Targeting Decision Makers

Who is the Hiring Manager

In today’s highly competitive job market that’s governed by technology, it’s essential that you have several different methods working concurrently when applying for jobs. You don’t want to be part of the masses of applicants who just submit their professionally written resume electronically and wait for an opportunity to come to them.

This is a very passive and ineffective way of career hunting with very stiff competition. You want to incorporate an active plan into your career search by utilizing your powerful resume/LinkedIn to apply for positions and identify the people who can hire you.  

Connect With The Right People

The most important objective with job hunting is to connect with the people who can make the decision to hire you, which is a person who is one or two levels above you.

First. you want to connect with people who know and work for the hiring managers that can potentially connect you with them or at least give you a referral. Start with your friends and colleagues (both current and former) to see if they can connect you with the hiring manager for the company and job you’re seeking.

Even if your friend or former colleague works in an entirely different department at the company you’re interested in, then they should easily be able to locate the hiring manager for the department you’re seeking to work for.  

Use LinkedIn

Who is the Hiring Manager

LinkedIn is a great networking tool and is a great way to identify people working within a company. Virtually every company and professional today is on LinkedIn, so it should be the first place you go if you don’t know anyone personally working at the company you’re interested in.

Login into your LinkedIn account and enter the company name and the job title most likely to be the hiring manager (that you would directly work for) in the search box on top and hit enter.

Then, select the “people” option underneath the search option to ensure you’re only seeing people working at the company.

Scroll through the list of names and select the most likely hiring manager(s) who are one or two positions above you. Be sure it’s in the location you want to work. By default, LinkedIn will list the results that are closest to your location first.

If you’re having trouble identifying the hiring manager through LinkedIn, another thing you can do is find the names of people who are peer-level roles within the same department (location) that you want.

You can connect with the person and send them a message with something like: “Hello Mike, You and I both work as financial analysts and belong to the same LinkedIn groups. I see that you’re on the finance team at [COMPANY]. I’ve had my eye on working there forever and noticed there’s an opening for a senior financial analyst. Would you happen to know who the best person for me to contact would be and who I would be reporting to?”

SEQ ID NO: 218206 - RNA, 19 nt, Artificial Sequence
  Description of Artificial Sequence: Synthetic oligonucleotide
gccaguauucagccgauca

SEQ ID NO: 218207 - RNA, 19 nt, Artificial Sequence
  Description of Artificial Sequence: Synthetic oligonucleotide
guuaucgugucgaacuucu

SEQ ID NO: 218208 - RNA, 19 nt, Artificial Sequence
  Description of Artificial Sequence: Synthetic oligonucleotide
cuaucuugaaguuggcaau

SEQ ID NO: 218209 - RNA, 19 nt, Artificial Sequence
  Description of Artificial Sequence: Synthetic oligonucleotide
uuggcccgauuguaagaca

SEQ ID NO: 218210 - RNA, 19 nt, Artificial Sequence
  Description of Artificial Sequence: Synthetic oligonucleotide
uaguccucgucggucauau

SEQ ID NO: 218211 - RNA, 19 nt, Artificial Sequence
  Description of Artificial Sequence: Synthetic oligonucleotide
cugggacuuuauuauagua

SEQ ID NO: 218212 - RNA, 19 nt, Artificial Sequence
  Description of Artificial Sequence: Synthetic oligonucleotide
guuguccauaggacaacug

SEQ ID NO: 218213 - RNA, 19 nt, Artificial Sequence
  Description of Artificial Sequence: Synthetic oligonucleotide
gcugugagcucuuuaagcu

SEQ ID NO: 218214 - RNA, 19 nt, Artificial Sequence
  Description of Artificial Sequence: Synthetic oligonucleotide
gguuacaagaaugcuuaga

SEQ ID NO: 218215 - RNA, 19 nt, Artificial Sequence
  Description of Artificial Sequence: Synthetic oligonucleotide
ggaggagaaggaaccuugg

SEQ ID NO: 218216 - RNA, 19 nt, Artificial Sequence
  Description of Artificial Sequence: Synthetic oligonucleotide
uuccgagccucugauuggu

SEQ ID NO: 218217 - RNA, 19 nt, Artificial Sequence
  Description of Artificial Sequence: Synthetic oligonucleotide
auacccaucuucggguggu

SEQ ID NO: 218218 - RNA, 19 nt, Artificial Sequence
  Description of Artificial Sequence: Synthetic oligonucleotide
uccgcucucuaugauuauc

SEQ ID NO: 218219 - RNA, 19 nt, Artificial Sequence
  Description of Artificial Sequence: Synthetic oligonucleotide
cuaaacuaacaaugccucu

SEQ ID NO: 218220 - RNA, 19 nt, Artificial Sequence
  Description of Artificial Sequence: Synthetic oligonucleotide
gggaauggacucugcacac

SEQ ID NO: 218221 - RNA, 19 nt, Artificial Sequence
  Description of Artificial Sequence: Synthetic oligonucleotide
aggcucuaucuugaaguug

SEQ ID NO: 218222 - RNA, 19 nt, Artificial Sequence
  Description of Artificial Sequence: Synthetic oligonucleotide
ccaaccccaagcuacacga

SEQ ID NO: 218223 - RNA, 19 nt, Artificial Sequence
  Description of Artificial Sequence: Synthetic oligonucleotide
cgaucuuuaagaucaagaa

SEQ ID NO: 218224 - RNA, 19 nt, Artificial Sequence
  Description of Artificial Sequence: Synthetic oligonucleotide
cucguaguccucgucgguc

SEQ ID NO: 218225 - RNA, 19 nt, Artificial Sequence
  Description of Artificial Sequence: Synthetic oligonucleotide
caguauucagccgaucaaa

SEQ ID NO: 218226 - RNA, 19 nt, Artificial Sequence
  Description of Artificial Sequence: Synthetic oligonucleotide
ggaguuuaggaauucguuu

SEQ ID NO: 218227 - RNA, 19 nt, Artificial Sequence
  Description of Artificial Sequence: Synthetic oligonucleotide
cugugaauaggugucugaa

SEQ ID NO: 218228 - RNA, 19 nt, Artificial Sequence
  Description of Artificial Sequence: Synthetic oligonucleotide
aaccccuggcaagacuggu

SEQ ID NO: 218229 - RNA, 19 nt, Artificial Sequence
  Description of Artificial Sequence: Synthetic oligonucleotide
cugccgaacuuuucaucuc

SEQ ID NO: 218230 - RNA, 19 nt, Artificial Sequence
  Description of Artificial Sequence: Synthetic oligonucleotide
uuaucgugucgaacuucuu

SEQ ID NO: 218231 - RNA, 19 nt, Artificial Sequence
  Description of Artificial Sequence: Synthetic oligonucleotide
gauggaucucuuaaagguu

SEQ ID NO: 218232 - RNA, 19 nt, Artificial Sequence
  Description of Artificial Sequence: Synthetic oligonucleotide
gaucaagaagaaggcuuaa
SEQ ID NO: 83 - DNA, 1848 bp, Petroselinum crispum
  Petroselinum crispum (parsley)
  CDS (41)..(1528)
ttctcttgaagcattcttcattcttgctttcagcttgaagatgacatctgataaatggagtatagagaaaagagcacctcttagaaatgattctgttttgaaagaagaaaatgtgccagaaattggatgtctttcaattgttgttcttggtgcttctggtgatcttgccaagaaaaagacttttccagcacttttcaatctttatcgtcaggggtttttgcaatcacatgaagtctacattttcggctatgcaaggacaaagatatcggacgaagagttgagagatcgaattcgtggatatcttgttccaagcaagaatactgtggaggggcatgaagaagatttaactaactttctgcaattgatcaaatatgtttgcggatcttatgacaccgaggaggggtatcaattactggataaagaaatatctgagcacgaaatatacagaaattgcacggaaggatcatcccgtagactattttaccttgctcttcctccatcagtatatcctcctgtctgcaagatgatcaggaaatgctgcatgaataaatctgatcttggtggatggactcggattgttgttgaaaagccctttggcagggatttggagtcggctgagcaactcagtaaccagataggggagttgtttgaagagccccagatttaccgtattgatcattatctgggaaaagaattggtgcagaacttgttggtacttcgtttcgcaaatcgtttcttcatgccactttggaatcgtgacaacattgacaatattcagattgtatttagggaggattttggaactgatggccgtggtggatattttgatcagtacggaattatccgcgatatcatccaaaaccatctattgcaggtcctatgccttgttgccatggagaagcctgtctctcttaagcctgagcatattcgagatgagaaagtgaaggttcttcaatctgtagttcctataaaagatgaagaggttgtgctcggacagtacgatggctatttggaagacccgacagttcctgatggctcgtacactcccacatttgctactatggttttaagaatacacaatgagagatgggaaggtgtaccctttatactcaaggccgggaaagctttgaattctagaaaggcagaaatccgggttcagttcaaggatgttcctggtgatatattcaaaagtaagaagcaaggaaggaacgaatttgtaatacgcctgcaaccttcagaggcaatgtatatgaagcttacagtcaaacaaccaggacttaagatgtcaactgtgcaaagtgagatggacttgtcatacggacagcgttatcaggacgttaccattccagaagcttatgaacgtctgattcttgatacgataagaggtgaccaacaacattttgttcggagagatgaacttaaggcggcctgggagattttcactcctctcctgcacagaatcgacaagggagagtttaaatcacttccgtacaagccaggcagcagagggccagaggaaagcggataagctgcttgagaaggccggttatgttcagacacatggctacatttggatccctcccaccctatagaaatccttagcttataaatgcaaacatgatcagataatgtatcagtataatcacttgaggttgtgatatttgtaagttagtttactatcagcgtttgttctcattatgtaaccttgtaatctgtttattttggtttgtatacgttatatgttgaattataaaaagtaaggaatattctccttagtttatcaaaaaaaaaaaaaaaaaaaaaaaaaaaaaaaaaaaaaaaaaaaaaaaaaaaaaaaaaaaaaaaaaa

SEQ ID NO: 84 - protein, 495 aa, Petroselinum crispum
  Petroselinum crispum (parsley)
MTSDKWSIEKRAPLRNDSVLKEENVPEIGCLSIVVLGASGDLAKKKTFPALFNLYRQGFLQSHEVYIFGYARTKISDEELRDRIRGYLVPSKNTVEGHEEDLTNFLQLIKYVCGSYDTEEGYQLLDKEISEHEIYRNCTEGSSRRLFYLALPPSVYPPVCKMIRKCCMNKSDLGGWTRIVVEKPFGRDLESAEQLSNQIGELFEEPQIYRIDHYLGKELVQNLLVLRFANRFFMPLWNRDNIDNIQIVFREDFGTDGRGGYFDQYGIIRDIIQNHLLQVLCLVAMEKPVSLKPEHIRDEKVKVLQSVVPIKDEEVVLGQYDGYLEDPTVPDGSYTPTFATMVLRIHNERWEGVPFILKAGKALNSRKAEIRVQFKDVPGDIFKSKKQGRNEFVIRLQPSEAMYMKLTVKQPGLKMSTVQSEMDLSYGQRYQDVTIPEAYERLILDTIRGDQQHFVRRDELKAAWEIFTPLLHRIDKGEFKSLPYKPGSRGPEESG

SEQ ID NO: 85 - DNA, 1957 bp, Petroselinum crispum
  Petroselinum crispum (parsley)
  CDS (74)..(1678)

Use Google

Who is the Hiring Manager

Another way to identify the hiring manager is through Google. You can directly ask who the hiring manager is in the search bar.

For example, you can type: “Who is the senior financial analyst at Goldman Sachs Salt Lake City.” Often the results will show the hiring manager’s LinkedIn page or social media page with their name.

Company Website

Company websites often break down the team members for the executive levels (which may be what you’re looking for) but smaller companies may list the entire management staff.

It’s certainly worth a look at the company’s website since in addition to potentially identifying the decision maker you can also research the company to give you some more insight and prepare you for the interview. 

Contact the Company Directly

Who is the Hiring Manager

Finally, you can call the company and ask them who makes the hiring decisions for the position you are applying for. Of course, there is no guarantee that the “gatekeeper” on the other end of the phone will provide that information, but if you cannot identify the decision makers from the methods previously outlined then this may be a last resort that may prove fruitful.

Connecting with the people who can actually offer you a job is the only way you are going to get hired. Targeting the specific hiring managers at the companies you apply for is a very powerful strategy that will distinguish you from the masses of applicants who simply apply to dozens of jobs online and cross their fingers hoping for a call-back.

Maria Gold is a Content Manager/Writer for Empire Resume. She is dedicated to helping educate and motivate people with the latest career articles and job search advice. Her interests range from writing to programming and design. She is also passionate about innovation, entrepreneurship, and technology.

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